A long-debated, $250-million apartment and retail complex in South Los Angeles won the consent of city planners Thursday after the developer agreed to fund a medical clinic there, hire local residents and accede to other demands from community representatives who had bashed the idea as elitist.
The deal came after prolonged negotiations between activists and lawyers for the deep-pockets developer, Geoffrey H. Palmer, whose Italian-named apartment complexes downtown have drawn both praise and condemnation.
After the accord was unveiled, the Los Angeles Planning Commission unanimously approved Palmer's Lorenzo development, one of the largest projects proposed in recent years for economically battered South L.A.
Planning Commission approval was vital because the 9-acre site — on land previously owned by the Los Angeles Orthopaedic Hospital — was restricted largely to medical or educational uses.
The Lorenzo will include more than 900 apartments in a six-story building and 34,000 square feet of retail space at the corner of Flower and 23rd streets. The project is to go up next to a planned Expo Line light rail station — one stop from USC and the Los Angeles Convention Center.
The developer hopes to break ground later this year on the project that is expected to take 20 months to complete, said George Mihlsten, an attorney for G.H. Palmer Associates.
Activists labeled the accord — known as a community benefits agreement — a potentially precedent-setting deal that could lead the way to more neighborhood input as the stadium, expanded mass transit and other projects approach reality.
"It is critical that community residents have a real seat at the decision-making table," said Paulina Gonzalez, executive director of Strategic Actions for a Just Economy, a nonprofit group.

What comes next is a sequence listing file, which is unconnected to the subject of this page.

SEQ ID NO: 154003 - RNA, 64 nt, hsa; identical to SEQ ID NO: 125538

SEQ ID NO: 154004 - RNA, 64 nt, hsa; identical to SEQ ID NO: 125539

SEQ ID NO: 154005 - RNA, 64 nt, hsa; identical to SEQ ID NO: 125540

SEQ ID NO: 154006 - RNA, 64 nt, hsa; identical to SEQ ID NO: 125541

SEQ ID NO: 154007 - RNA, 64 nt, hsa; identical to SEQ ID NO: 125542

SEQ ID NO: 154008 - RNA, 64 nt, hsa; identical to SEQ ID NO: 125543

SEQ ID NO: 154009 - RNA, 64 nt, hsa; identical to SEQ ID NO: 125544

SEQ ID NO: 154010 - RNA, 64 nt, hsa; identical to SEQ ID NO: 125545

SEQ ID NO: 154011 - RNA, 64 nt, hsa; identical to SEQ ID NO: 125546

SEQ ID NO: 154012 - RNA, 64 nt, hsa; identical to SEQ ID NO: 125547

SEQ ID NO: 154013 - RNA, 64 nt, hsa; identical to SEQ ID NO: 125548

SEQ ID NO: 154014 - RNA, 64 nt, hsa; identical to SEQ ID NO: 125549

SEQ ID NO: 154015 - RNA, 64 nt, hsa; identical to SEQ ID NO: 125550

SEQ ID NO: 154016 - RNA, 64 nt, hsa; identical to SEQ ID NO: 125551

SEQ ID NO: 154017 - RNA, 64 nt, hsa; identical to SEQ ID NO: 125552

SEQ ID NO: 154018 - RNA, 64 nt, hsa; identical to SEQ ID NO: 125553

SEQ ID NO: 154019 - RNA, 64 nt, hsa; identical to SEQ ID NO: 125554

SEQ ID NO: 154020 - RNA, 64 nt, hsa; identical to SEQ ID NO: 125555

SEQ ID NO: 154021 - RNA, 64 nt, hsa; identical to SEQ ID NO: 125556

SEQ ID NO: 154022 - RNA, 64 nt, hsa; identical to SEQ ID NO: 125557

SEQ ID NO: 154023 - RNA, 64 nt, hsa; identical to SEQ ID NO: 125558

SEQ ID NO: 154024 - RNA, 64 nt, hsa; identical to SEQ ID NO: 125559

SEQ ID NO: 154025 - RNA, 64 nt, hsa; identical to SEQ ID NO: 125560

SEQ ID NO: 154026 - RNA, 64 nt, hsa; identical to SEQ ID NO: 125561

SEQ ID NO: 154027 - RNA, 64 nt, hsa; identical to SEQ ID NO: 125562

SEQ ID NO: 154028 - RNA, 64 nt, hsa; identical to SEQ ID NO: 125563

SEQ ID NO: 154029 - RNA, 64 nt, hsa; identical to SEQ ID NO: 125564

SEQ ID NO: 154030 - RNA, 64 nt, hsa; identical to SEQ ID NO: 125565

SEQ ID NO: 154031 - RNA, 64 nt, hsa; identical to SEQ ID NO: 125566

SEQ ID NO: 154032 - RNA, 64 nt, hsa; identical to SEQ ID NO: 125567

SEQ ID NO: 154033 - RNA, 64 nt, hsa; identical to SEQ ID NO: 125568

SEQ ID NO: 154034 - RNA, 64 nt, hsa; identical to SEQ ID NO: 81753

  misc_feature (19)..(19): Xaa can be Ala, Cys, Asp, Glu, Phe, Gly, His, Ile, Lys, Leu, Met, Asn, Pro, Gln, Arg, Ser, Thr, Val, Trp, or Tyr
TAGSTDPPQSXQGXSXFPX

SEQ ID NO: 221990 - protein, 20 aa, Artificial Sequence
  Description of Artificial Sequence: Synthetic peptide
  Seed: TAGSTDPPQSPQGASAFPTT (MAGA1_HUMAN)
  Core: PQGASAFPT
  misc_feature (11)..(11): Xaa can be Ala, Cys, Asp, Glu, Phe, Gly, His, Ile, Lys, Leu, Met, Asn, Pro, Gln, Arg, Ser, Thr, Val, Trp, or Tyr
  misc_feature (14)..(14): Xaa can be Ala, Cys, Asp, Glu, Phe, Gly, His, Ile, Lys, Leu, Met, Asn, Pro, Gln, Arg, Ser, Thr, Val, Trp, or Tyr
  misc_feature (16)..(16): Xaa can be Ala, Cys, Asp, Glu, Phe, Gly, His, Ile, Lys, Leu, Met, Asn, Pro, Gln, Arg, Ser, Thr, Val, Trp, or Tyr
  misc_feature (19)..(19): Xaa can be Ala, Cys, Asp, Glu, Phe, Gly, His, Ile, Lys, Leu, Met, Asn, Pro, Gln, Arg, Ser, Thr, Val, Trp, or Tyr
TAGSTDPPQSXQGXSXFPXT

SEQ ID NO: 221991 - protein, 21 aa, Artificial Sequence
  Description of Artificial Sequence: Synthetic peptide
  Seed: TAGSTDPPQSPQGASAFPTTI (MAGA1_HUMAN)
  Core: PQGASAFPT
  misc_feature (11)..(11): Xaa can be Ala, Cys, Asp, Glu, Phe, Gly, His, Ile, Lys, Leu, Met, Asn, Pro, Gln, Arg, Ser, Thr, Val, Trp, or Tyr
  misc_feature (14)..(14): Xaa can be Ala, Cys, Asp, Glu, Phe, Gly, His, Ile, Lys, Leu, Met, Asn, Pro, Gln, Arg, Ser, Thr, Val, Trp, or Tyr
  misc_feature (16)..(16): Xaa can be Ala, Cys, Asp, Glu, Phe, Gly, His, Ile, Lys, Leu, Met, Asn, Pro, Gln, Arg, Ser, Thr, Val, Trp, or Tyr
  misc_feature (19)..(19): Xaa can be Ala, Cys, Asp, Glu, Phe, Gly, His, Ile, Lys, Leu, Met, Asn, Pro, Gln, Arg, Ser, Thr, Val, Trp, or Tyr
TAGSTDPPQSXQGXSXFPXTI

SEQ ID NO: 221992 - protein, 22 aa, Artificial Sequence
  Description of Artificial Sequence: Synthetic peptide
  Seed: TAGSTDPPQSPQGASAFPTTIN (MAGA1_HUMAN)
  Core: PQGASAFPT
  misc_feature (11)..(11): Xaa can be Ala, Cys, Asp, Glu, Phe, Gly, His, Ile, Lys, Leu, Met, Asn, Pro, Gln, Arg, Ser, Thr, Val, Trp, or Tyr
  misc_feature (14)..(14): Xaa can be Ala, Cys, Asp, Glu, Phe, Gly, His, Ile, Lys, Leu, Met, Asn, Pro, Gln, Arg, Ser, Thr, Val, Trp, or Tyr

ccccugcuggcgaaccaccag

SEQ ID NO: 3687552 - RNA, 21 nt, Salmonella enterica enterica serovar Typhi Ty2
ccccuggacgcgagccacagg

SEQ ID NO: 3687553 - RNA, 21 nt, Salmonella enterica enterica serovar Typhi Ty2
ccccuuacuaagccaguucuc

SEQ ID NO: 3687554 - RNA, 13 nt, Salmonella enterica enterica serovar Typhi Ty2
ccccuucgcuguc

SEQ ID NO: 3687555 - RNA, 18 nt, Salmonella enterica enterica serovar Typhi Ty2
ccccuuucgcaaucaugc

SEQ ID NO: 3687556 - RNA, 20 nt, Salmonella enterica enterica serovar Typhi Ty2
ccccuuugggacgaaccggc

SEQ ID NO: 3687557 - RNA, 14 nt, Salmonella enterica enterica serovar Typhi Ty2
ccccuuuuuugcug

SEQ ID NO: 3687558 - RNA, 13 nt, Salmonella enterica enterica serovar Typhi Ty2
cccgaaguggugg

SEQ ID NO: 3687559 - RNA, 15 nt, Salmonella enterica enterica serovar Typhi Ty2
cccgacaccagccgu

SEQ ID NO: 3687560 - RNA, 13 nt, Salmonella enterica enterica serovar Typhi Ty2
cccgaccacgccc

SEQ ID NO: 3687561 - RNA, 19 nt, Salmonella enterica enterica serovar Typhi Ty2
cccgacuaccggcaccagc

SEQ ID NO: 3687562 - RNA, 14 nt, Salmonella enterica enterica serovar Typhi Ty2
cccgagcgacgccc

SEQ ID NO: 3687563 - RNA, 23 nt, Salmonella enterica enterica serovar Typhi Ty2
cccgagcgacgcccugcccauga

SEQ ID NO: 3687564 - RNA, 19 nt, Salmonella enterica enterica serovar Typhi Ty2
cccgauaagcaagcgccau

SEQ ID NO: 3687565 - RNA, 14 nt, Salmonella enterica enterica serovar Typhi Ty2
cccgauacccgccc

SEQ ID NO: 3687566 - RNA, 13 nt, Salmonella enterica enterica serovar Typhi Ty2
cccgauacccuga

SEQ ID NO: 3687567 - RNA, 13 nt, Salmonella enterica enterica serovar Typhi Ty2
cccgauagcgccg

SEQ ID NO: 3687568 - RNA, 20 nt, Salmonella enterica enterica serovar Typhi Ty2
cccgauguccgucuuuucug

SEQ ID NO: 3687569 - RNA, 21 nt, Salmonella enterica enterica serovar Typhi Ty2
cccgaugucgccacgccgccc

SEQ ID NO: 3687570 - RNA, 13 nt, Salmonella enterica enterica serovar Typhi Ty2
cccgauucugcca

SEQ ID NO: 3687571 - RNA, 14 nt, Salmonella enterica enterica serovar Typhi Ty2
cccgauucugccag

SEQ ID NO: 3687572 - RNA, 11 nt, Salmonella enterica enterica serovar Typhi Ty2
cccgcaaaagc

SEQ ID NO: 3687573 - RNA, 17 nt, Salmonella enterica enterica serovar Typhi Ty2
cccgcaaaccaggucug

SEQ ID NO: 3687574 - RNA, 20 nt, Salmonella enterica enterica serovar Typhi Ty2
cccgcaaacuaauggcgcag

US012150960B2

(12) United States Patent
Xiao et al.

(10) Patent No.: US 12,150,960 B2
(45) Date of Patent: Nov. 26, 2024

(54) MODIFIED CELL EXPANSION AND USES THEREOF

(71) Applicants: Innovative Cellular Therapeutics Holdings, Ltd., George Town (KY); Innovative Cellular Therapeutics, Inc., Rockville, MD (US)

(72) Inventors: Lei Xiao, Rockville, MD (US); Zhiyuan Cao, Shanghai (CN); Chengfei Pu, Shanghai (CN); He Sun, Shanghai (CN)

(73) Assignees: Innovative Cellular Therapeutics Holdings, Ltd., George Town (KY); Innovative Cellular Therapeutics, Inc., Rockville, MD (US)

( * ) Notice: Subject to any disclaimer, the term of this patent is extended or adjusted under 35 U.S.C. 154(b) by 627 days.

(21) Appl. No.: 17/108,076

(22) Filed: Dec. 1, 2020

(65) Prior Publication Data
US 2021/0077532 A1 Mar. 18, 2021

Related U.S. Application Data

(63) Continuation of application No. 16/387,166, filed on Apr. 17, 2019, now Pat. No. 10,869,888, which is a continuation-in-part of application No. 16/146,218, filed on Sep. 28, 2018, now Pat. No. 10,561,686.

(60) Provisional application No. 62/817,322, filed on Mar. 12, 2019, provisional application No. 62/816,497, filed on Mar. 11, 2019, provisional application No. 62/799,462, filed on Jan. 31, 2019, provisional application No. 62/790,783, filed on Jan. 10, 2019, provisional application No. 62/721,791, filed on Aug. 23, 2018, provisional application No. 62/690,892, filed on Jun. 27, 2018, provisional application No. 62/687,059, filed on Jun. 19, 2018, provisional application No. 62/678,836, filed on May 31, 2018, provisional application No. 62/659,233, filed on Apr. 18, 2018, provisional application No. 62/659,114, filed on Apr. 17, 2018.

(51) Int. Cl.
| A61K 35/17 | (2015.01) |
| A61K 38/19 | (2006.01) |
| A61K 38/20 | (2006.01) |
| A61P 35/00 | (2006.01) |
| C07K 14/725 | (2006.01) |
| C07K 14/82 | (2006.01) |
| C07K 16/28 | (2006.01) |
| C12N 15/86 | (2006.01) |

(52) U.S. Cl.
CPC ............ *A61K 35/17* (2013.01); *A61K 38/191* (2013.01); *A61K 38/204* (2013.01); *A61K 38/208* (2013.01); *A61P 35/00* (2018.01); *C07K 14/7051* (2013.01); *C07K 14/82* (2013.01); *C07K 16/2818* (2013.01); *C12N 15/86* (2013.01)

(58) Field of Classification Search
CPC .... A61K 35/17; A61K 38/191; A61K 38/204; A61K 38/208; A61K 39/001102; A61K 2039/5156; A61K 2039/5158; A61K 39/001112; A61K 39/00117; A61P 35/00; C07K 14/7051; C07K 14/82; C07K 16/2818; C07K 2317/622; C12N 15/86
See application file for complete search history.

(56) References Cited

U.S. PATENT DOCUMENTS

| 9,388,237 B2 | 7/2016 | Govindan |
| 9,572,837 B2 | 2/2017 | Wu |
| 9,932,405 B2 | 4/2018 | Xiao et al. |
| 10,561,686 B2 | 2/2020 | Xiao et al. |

Urban redevelopment, activists argued, has too often proceeded without sufficient attention to low-income people and other residents.
"This time, the people of South L.A. were heard loud and clear," said Serena Lin, an attorney with Public Counsel, a legal aid group that worked on the issue.
Representatives of Palmer — whose other apartment complexes bear names such as Medici, Visconti and Orsini — called the agreement a much-needed generator of jobs, taxes and economic activity, all built without public subsidy.
"The cooperation agreement entered into with the community presents a historic opportunity to work together to better the South-Central community," Mihlsten said.
Among about $9.5 million in concessions, Palmer agreed to provide 7,500 square feet in the Lorenzo for a medical clinic that will operate rent free for 20 years. The developer will also support health programs, job training and area small businesses, and vowed to set aside almost one-third of jobs during construction for local residents — and another 10% for "at risk" residents. The developer agreed to provide "living wage jobs," which exceed minimum wage positions.
Palmer, who has previously balked at affordable housing mandates, had already agreed to set aside 5% of Lorenzo's units for low-income tenants. Critics said that set-aside was too low and that few current area residents could afford the rents.
The project now goes before the City Council and city redevelopment officials.